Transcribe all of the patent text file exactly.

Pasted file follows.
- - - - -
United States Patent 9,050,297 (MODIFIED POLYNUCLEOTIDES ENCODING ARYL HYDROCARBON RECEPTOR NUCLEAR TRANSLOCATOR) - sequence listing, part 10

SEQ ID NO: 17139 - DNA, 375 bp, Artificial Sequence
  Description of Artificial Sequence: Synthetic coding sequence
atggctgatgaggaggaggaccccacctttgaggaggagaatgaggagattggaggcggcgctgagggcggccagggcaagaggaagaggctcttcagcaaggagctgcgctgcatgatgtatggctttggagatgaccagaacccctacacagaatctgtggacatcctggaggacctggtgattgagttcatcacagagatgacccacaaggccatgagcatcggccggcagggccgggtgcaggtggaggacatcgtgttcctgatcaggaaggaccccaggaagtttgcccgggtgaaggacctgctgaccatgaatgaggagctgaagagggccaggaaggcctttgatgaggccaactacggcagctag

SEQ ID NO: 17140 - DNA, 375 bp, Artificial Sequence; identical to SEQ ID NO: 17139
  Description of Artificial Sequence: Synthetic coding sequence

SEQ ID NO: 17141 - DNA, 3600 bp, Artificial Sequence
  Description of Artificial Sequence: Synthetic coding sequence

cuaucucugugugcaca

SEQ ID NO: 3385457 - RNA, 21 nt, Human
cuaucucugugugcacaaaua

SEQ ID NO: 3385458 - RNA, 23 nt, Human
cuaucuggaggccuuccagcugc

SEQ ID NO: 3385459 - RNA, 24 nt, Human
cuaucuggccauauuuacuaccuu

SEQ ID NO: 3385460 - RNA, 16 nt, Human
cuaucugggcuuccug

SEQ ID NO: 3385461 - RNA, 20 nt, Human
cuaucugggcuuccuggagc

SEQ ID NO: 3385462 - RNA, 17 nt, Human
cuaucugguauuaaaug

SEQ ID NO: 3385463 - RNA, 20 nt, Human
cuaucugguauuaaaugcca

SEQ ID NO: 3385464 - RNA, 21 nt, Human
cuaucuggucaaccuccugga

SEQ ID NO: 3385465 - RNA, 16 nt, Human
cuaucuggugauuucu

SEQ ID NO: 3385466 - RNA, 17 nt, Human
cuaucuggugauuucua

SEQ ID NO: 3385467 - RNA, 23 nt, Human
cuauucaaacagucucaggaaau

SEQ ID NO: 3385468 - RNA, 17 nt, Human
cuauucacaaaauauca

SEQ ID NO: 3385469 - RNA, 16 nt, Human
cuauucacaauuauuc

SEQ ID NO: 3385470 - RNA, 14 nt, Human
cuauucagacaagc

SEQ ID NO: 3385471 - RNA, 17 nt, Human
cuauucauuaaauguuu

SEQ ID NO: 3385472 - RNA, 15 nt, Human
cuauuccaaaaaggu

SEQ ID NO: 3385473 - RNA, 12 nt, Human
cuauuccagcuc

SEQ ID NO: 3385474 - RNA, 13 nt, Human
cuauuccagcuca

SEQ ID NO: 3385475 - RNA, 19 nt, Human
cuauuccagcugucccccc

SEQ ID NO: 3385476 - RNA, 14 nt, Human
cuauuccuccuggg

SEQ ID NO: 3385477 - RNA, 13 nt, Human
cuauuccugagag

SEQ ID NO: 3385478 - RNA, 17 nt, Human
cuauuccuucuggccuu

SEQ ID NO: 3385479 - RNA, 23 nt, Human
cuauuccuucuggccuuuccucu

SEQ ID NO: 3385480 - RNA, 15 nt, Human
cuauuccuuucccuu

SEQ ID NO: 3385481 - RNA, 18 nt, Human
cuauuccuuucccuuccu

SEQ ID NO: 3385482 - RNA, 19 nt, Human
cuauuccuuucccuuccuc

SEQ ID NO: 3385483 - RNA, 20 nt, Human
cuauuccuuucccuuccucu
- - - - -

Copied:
United States Patent 9,050,297 (MODIFIED POLYNUCLEOTIDES ENCODING ARYL HYDROCARBON RECEPTOR NUCLEAR TRANSLOCATOR) - sequence listing, part 10

SEQ ID NO: 17139 - DNA, 375 bp, Artificial Sequence
  Description of Artificial Sequence: Synthetic coding sequence
atggctgatgaggaggaggaccccacctttgaggaggagaatgaggagattggaggcggcgctgagggcggccagggcaagaggaagaggctcttcagcaaggagctgcgctgcatgatgtatggctttggagatgaccagaacccctacacagaatctgtggacatcctggaggacctggtgattgagttcatcacagagatgacccacaaggccatgagcatcggccggcagggccgggtgcaggtggaggacatcgtgttcctgatcaggaaggaccccaggaagtttgcccgggtgaaggacctgctgaccatgaatgaggagctgaagagggccaggaaggcctttgatgaggccaactacggcagctag

SEQ ID NO: 17140 - DNA, 375 bp, Artificial Sequence; identical to SEQ ID NO: 17139
  Description of Artificial Sequence: Synthetic coding sequence

SEQ ID NO: 17141 - DNA, 3600 bp, Artificial Sequence
  Description of Artificial Sequence: Synthetic coding sequence

cuaucucugugugcaca

SEQ ID NO: 3385457 - RNA, 21 nt, Human
cuaucucugugugcacaaaua

SEQ ID NO: 3385458 - RNA, 23 nt, Human
cuaucuggaggccuuccagcugc

SEQ ID NO: 3385459 - RNA, 24 nt, Human
cuaucuggccauauuuacuaccuu

SEQ ID NO: 3385460 - RNA, 16 nt, Human
cuaucugggcuuccug

SEQ ID NO: 3385461 - RNA, 20 nt, Human
cuaucugggcuuccuggagc

SEQ ID NO: 3385462 - RNA, 17 nt, Human
cuaucugguauuaaaug

SEQ ID NO: 3385463 - RNA, 20 nt, Human
cuaucugguauuaaaugcca

SEQ ID NO: 3385464 - RNA, 21 nt, Human
cuaucuggucaaccuccugga

SEQ ID NO: 3385465 - RNA, 16 nt, Human
cuaucuggugauuucu

SEQ ID NO: 3385466 - RNA, 17 nt, Human
cuaucuggugauuucua

SEQ ID NO: 3385467 - RNA, 23 nt, Human
cuauucaaacagucucaggaaau

SEQ ID NO: 3385468 - RNA, 17 nt, Human
cuauucacaaaauauca

SEQ ID NO: 3385469 - RNA, 16 nt, Human
cuauucacaauuauuc

SEQ ID NO: 3385470 - RNA, 14 nt, Human
cuauucagacaagc

SEQ ID NO: 3385471 - RNA, 17 nt, Human
cuauucauuaaauguuu

SEQ ID NO: 3385472 - RNA, 15 nt, Human
cuauuccaaaaaggu

SEQ ID NO: 3385473 - RNA, 12 nt, Human
cuauuccagcuc

SEQ ID NO: 3385474 - RNA, 13 nt, Human
cuauuccagcuca

SEQ ID NO: 3385475 - RNA, 19 nt, Human
cuauuccagcugucccccc

SEQ ID NO: 3385476 - RNA, 14 nt, Human
cuauuccuccuggg

SEQ ID NO: 3385477 - RNA, 13 nt, Human
cuauuccugagag

SEQ ID NO: 3385478 - RNA, 17 nt, Human
cuauuccuucuggccuu

SEQ ID NO: 3385479 - RNA, 23 nt, Human
cuauuccuucuggccuuuccucu

SEQ ID NO: 3385480 - RNA, 15 nt, Human
cuauuccuuucccuu

SEQ ID NO: 3385481 - RNA, 18 nt, Human
cuauuccuuucccuuccu

SEQ ID NO: 3385482 - RNA, 19 nt, Human
cuauuccuuucccuuccuc

SEQ ID NO: 3385483 - RNA, 20 nt, Human
cuauuccuuucccuuccucu